Rapin's Ramblings - Todd Gurley and the rest of the NFC West


I should start by saying I don't know what the hell this is. I've never published anything like this before, so I will leave it up to you to let me know if this is something that you find useful, or whether I should keep this information to myself inside the crazy inner-workings of my brain. Please feel free to give me your honest opinion.

I guess I should let you know where this comes from. Every year I come out with my own rankings, just like most other "normal" people, but the way I come up with those rankings may be a little more involved than others. The first step in the process is to come up with my own projections for the players and input them into an Excel spreadsheet.

To come up with my projections I look at a lot of stats, trends, new coaching changes and their potential impact on the offense, as well as a player's injury history. My partner Ryan calls me crazy, but I write a lot of this information down in spiral notebooks and it has never had the chance to be viewed or enjoyed by the general population.

Until now, that is.

Once the projections are in, I add the formulas to calculate fantasy points so I can customize them to standard leagues, PPR leagues, or even stranger scoring leagues, such as those for the Scott Fish Bowl. I then adjust players up or down based on a variety of things, such as injury history, a player's high ceiling or low floor, or a variety of other factors to come up with my final rankings. Perfectly normal, right???

I want to put some of the interesting facts and information I find down in print. Can I say "in print" being this is an online article? I'm going to say to it anyways, but below are some of the things I've discovered when doing my projections for the NFC West teams. I'm doing it in bullet point format because I feel that may be the easiest way to digest it.

Some of the info you may find very helpful. Some you may find useless. Either way hopefully it helps you properly value players and helps you set your own rankings. I hope you have as much fun reading it as I have had putting it together.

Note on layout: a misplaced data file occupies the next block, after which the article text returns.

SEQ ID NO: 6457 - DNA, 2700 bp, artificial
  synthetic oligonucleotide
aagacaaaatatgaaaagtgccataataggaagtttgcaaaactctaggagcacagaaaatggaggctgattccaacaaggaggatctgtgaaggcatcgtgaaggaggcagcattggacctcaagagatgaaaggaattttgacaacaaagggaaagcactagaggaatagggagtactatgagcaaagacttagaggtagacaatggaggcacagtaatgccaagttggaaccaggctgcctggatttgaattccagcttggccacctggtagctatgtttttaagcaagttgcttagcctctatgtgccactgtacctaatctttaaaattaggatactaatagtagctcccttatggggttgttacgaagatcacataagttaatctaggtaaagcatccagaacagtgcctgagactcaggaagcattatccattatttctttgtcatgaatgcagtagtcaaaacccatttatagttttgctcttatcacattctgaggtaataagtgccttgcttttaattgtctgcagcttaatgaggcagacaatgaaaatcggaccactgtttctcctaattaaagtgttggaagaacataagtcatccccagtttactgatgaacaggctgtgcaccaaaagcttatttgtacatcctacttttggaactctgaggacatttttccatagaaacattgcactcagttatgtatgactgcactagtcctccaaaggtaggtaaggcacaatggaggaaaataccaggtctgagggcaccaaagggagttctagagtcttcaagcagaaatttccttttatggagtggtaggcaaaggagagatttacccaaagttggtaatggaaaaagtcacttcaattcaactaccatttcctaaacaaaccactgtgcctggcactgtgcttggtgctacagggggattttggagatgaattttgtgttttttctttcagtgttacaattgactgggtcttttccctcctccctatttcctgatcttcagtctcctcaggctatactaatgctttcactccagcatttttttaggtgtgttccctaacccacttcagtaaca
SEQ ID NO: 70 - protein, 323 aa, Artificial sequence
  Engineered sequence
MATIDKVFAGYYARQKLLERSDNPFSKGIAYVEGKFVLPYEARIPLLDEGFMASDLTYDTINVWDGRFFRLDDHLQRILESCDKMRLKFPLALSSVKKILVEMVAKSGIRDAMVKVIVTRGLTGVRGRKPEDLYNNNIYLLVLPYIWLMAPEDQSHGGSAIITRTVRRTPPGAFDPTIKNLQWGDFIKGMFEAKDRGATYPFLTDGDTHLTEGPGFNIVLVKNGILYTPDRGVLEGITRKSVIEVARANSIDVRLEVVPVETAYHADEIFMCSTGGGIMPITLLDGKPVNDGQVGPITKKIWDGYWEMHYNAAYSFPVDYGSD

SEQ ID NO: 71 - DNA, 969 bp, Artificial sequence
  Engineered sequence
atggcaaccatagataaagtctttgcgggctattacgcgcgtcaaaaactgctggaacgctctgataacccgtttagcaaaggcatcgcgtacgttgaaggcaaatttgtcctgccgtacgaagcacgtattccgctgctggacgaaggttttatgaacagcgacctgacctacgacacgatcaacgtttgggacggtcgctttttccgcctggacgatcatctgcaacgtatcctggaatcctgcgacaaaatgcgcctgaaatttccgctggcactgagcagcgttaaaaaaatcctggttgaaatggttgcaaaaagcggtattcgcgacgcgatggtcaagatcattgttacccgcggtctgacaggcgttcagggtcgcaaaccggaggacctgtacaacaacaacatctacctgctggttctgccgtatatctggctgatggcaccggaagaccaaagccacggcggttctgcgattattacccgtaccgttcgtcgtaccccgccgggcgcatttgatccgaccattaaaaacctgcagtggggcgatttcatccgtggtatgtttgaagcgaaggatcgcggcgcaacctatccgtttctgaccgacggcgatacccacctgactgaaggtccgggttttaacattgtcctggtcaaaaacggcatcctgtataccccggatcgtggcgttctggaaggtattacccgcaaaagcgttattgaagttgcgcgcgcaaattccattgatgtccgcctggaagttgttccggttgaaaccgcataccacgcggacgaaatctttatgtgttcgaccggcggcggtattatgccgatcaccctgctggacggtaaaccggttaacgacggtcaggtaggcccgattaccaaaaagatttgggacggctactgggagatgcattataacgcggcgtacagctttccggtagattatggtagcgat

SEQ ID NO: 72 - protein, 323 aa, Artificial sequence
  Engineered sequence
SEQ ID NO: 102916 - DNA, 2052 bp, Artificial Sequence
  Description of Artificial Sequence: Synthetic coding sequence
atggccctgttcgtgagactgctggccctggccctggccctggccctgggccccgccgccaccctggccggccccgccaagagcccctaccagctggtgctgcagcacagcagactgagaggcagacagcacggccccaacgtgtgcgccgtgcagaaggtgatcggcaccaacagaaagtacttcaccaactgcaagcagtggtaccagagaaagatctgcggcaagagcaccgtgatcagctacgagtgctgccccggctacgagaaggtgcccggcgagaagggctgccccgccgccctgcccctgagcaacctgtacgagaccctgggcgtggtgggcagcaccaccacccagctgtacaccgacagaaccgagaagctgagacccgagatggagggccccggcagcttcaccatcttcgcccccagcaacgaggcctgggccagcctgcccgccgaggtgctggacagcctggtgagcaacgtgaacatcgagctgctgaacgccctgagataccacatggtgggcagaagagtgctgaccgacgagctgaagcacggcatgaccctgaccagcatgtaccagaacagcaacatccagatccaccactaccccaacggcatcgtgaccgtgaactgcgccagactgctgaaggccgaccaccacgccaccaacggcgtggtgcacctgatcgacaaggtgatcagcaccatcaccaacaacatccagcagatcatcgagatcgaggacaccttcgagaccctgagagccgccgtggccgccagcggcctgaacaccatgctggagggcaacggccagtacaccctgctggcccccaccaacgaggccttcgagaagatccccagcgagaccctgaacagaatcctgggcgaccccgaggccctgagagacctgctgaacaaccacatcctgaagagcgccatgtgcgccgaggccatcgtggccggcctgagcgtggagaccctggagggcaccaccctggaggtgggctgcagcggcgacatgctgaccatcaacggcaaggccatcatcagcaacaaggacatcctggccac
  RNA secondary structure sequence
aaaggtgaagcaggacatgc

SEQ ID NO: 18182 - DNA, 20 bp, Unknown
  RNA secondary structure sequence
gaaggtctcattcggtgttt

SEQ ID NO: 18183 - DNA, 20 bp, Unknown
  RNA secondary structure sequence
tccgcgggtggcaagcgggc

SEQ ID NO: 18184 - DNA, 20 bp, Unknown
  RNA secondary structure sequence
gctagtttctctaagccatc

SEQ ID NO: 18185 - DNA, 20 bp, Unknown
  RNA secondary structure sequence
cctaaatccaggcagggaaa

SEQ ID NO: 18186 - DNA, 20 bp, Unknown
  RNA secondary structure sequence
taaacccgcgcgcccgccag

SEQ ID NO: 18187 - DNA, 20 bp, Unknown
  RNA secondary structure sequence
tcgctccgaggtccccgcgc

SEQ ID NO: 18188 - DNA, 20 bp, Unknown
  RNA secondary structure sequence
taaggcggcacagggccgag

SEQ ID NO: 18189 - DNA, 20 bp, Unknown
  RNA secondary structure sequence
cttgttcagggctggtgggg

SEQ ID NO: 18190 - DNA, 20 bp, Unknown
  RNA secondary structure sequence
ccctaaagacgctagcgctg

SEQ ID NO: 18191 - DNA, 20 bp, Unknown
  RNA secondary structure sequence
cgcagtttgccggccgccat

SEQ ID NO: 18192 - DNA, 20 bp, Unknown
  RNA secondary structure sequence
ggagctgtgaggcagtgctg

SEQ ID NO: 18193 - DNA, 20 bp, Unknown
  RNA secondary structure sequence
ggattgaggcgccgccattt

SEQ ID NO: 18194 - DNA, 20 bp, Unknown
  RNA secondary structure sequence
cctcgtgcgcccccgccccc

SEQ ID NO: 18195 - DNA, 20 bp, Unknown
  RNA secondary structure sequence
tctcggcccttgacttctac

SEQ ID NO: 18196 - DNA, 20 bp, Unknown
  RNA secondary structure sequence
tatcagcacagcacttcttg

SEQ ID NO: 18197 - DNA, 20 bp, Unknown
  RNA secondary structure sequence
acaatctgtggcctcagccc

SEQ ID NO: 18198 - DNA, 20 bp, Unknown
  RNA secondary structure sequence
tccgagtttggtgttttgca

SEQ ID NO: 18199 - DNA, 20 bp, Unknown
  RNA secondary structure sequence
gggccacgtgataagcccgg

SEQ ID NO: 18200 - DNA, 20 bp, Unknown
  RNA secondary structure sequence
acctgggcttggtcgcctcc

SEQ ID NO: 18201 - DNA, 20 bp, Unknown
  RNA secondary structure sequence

Once again, I would love your feedback on Twitter at @fantasygeek37

Arizona Cardinals

David Johnson2

If he can pick up where he left off in 2016, David Johnson could be in for a great year in 2018.

  • Mike McCoy is taking over as offensive coordinator for the Cardinals this season. In four seasons with the Chargers his offense was ninth in total yards (365.9 yards-per-game).
  • In 2016, David Johnson finished as the No. 1 fantasy running back when he scored 407 fantasy points in PPR leagues. The next closest backs were Ezekiel Elliott with 325 points and Le'Veon Bell with 317.
  • David Johnson led all running backs with 120 targets in 2016.
  • In 2017 no running back scored over 400 PPR fantasy points and only Todd Gurley (383), Le'Veon Bell (341), and Alvin Kamara (314) topped 300 points.
  • Over the last three seasons Larry Fitzgerald has finished third, eighth, and 11th in targets, never having less than 146 in a single season.
  • In his entire NFL career Fitzgerald has never had less than 100 targets in any single season. He has also only missed a total of six games over that entire span.
  • Fitzgerald finished second in receptions in 2017 with 109, behind only Jarvis Landry's 112 catches.
  • Per Scott Barrett's (@ScottBarrettDFB) Twitter account on 5/9/18 - Christian Kirk ran 95% of his routes from the slot in college (Kirk has stated that he will move outside this season with Fitzgerald occupying the slot). Nelson Agholor of The Eagles played out of position (outside) his first two seasons and was Pro Football Focus' worst graded wide receiver both years. Last year he moved back to the slot and he graded out Top-25. I'm worried about Kirk adjusting not only to the NFL, but also to learning a new position.

Los Angeles Rams

McVay

Sean McVay brings good things to the Rams' offense...and he has a dreamy smile.